Shin splints are a common lower limb injury in individuals that partake in running or impact sports. “Shin Splints” is a collective term used to describe a number of conditions that fall under “Medial Tibial Stress Syndrome” (MTSS). Generally shin pain arises from either or a combination of Muscular involvement, Tenoperiosteum (junction where tissue attaches to bone) and/or bone.
There are two areas in which you can experience shin splints:
- Anterior Shin Splints (Front)
- Posterior Shin Splints (Middle/Rear)
Anterior Shin Splints:
Anterior shin splints are located on the front part of the shin bone and involve the tibialis anterior muscle. The function of the tibialis anterior muscle is to lift and lower your foot. It lifts your foot during the swing phase of a stride, then it slowly lowers your foot to prepare your foot for the standing phase.
Posterior Shin Splints:
Posterior shin splints are located on the inside rear part of the shin bone and involve the tibialis posterior muscle. The function of the tibialis posterior is to lift and control the inside aspect of your foot/arch during the standing phase.
What are the symptoms of shin splints?
The condition commonly presents in both legs at the same time with one leg often being worse than the other. At first, discomfort may only be present at the beginning of exercise and feel to “warm up” during exercise, but then reappear once cooled down after activity. As the condition progresses the pain tends to stay during activity and can be severe, enough to limit the person from continuing activity.
The pain may also last hours after activity at this stage.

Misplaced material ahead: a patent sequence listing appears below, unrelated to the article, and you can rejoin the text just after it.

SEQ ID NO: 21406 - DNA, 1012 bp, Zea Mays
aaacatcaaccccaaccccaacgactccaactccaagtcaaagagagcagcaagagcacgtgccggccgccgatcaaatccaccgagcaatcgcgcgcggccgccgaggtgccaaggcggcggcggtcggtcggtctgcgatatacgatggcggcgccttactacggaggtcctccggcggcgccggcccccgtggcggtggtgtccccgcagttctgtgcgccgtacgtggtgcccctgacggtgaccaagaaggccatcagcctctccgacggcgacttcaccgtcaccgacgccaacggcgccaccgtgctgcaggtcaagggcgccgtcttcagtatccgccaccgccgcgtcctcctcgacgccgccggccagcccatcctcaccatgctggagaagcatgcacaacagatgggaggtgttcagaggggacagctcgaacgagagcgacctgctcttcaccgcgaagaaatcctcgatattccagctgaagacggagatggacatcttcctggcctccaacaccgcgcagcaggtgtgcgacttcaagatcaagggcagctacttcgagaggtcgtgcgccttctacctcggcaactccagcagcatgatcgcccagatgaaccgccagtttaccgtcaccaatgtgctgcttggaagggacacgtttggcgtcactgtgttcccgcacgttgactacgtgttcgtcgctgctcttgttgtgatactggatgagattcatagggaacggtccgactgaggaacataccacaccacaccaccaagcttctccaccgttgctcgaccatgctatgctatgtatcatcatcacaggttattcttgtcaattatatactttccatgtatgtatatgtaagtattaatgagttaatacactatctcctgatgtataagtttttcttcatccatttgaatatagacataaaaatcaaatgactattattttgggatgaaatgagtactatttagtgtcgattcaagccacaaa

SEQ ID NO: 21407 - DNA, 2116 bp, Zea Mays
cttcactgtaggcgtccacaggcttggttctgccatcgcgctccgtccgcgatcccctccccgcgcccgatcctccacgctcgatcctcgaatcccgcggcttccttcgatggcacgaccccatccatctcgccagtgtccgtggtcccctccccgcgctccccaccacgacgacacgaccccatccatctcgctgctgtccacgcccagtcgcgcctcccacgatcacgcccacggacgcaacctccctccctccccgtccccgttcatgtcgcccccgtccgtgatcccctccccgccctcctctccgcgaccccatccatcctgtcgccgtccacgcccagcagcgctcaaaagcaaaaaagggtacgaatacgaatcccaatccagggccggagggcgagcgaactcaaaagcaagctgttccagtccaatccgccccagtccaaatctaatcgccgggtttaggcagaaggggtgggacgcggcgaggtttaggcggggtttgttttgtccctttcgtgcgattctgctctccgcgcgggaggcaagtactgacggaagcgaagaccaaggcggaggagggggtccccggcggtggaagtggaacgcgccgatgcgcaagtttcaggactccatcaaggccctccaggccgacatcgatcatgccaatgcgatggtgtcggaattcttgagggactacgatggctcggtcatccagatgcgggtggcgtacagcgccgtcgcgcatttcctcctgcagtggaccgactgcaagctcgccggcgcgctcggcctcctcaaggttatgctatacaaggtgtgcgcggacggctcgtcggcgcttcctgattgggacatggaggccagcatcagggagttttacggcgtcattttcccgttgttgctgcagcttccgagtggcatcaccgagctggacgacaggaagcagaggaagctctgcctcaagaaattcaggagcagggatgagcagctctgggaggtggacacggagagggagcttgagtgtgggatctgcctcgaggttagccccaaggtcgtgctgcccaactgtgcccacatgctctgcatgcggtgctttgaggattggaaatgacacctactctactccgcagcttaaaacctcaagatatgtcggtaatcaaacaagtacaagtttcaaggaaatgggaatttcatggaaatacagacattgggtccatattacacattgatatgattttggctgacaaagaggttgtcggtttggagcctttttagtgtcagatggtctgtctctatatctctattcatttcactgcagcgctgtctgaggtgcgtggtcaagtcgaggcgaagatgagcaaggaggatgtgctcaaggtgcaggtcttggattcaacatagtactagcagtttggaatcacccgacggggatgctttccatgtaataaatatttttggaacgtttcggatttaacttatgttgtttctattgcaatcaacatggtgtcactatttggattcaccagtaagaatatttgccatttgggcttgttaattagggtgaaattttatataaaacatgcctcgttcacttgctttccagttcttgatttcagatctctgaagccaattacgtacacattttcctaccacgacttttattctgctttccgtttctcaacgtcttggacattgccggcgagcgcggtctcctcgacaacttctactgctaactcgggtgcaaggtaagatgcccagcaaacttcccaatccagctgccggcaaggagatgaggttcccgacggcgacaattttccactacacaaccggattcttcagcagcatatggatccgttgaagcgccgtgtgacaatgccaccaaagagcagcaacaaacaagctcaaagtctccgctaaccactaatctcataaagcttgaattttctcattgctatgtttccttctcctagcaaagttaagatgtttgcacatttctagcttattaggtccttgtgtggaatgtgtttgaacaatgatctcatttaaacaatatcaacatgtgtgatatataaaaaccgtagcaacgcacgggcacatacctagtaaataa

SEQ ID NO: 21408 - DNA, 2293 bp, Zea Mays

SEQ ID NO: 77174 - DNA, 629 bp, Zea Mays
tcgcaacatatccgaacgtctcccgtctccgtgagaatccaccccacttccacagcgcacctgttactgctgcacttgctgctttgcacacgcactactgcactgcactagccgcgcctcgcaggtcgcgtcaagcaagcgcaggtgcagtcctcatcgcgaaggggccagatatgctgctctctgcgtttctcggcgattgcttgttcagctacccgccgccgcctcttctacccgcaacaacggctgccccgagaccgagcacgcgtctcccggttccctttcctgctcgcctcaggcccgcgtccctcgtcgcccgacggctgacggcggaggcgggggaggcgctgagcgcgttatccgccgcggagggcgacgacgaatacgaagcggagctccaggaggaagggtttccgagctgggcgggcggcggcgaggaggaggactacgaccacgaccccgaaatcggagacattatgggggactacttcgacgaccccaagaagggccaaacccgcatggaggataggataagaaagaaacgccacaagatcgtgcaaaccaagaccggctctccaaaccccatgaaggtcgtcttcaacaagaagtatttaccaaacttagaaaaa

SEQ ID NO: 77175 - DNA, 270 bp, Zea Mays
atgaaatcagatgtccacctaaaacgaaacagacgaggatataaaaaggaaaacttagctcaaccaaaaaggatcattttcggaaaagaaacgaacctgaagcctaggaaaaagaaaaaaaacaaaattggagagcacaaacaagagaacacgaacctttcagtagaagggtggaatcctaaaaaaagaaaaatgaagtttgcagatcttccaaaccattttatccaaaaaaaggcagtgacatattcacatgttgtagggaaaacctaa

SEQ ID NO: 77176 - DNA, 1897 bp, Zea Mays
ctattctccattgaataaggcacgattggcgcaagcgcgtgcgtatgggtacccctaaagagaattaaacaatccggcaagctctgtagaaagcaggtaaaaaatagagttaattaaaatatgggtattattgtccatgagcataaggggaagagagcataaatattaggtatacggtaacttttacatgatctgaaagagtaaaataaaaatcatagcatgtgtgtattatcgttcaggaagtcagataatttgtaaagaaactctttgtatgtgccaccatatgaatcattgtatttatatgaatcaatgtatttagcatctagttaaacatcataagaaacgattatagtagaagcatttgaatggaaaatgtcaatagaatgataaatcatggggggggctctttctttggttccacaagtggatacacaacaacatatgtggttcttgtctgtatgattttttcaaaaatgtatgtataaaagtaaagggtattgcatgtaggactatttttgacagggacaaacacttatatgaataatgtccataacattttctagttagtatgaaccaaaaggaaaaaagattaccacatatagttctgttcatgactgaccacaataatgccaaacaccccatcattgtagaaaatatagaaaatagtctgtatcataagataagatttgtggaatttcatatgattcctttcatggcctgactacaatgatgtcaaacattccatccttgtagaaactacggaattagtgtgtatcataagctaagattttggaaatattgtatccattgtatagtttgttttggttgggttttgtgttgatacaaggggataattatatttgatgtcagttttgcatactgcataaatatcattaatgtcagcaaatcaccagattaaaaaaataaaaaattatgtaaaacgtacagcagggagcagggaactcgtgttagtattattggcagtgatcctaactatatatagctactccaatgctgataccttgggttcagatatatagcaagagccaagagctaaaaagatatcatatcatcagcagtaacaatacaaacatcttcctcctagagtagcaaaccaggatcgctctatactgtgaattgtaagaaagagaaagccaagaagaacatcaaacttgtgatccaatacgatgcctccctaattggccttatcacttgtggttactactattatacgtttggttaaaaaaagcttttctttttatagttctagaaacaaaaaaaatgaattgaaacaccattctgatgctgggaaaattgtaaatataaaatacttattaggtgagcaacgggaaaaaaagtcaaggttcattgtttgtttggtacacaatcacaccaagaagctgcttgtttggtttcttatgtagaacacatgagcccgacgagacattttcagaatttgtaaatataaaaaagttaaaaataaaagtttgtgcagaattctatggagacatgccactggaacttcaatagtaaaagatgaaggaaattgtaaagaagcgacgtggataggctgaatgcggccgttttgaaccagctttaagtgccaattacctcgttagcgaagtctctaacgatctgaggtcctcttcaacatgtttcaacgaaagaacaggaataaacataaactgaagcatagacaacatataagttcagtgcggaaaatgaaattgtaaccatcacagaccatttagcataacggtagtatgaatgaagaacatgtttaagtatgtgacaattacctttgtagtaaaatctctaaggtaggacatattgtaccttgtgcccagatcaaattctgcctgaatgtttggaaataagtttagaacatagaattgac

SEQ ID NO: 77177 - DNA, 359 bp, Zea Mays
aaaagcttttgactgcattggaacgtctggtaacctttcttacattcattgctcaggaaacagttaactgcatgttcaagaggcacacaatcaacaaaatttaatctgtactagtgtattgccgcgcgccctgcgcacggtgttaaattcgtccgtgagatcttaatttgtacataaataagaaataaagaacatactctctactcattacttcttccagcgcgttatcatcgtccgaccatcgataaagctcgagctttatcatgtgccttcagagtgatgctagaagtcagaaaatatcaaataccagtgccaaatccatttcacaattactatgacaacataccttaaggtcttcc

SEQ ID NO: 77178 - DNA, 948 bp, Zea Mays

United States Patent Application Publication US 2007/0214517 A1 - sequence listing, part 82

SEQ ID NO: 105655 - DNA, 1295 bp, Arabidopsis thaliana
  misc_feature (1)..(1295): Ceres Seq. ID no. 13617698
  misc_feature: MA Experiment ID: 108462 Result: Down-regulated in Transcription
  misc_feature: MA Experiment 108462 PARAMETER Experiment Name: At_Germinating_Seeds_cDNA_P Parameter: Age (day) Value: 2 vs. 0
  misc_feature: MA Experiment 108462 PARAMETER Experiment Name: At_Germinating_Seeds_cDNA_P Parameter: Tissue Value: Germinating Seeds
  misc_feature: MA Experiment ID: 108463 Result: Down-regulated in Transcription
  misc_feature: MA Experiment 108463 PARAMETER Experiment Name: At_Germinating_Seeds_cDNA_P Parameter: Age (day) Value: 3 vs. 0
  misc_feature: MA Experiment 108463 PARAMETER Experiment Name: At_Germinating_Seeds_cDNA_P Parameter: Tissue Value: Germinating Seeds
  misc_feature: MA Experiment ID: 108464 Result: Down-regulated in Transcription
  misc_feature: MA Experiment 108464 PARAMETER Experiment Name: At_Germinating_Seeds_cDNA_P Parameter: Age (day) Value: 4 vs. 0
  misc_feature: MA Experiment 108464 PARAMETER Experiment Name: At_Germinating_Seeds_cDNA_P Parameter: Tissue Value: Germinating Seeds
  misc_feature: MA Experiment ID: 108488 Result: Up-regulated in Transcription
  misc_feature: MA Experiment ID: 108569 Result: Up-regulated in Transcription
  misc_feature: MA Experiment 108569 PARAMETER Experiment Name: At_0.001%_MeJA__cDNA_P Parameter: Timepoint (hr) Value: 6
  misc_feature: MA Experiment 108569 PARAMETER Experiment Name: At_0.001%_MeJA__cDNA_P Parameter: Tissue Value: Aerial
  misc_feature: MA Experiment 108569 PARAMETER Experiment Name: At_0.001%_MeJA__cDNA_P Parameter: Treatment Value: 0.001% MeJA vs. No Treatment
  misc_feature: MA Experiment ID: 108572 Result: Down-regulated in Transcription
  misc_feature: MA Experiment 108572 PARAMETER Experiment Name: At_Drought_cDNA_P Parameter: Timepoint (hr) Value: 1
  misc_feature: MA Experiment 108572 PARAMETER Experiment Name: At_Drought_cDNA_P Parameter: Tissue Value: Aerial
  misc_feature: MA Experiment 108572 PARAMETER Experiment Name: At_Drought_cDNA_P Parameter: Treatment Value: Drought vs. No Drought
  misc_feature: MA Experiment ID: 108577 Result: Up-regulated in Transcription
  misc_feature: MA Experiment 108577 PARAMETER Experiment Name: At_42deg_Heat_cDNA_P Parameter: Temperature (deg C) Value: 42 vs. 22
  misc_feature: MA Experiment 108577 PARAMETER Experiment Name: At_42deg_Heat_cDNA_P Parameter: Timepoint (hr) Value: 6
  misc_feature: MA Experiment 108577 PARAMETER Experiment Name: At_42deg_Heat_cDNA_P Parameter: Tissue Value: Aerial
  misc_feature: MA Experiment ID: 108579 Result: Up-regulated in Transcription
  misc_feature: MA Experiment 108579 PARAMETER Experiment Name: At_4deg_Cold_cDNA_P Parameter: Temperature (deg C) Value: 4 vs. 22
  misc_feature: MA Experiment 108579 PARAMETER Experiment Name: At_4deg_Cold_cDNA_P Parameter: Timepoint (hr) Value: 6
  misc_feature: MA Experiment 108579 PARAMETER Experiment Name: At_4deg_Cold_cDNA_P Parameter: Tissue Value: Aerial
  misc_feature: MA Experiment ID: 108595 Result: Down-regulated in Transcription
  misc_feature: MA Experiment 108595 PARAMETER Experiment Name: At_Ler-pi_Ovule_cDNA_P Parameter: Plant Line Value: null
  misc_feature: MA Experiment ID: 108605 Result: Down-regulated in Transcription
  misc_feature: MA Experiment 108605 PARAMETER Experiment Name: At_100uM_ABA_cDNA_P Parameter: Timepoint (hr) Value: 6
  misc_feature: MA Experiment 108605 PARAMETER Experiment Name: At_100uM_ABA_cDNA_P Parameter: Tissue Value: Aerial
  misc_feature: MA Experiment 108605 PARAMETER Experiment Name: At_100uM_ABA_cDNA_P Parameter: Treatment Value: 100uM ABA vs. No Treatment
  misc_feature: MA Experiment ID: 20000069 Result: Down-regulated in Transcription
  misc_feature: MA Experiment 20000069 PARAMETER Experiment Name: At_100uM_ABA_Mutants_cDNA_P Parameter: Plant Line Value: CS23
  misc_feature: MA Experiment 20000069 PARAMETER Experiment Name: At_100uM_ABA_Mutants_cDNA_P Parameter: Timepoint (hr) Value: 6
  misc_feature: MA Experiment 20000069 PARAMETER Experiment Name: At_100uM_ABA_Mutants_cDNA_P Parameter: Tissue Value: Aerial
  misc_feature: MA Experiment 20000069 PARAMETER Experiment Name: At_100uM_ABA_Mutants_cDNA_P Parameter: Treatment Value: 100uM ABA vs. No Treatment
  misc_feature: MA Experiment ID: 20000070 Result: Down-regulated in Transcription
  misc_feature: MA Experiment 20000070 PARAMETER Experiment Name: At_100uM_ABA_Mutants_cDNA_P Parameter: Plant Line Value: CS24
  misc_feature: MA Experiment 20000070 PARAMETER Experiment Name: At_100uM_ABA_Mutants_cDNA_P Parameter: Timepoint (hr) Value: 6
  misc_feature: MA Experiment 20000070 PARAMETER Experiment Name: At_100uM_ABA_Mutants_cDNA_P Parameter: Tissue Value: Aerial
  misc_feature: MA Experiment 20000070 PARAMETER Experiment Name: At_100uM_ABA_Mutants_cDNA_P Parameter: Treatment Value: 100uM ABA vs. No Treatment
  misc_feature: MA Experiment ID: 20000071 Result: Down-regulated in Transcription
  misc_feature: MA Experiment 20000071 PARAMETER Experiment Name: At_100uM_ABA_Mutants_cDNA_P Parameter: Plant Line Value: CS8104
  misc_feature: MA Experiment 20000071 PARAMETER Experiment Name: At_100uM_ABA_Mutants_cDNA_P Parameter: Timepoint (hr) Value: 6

Individuals often describe a dull, aching pain in the front, inside aspect of the lower leg and can progress to sharp shooting pains with running and impact.
The inside and front of the shins are often tender to touch and depending on the cause and severity will determine the extent and pain location.
Individuals further often experience a feeling or tight or fatigued calves whilst exercises and may have some associated foot pain.
What increases the risk of shin splints?
- Females are 2-3 x more likely to develop shin splints compared to Males,
- Sudden increase in training (frequency, intensity, duration),
- Insufficient rest between loads
- Running, impact or sports on hard surfaces,
- Changes in footwear/inappropriate footwear
- Foot type
- Weak/inactive muscles
- Decreased ankle mobility
- Biomechanical abnormalities and training errors.
What to do if I have shin splints?
Treatment is dependant on the underlying causes identified by your Physiotherapist. Our Physiotherapists complete a thorough bio-mechanical assessment to determine the cause of your shin splints and further tailor an appropriate individualised rehabilitation program for you. If you are experiencing shin splints that are stopping you from doing what you love, don’t just rest and wait, jump online and book an appointment at Enhance Physiotherapy today.
Take Home Message:
Shin Splints or (MTSS) refers to pain in the front or inside of the shin and is a result of overloading of the bone or muscles in that region. Addressing the issue early is important to prevent it progressing into a more serious grading or bone stress response /fracture injury which requires rest from impact activities such as running.
There are many different causes of Shin Splints and therefore it is important you get assessed by a Physiotherapist to determine the underlying causes and further develop an appropriate rehabilitation program.
A graded running/training program and screening for mobility and muscle imbalances are a great way at reducing the risk of developing this common injury.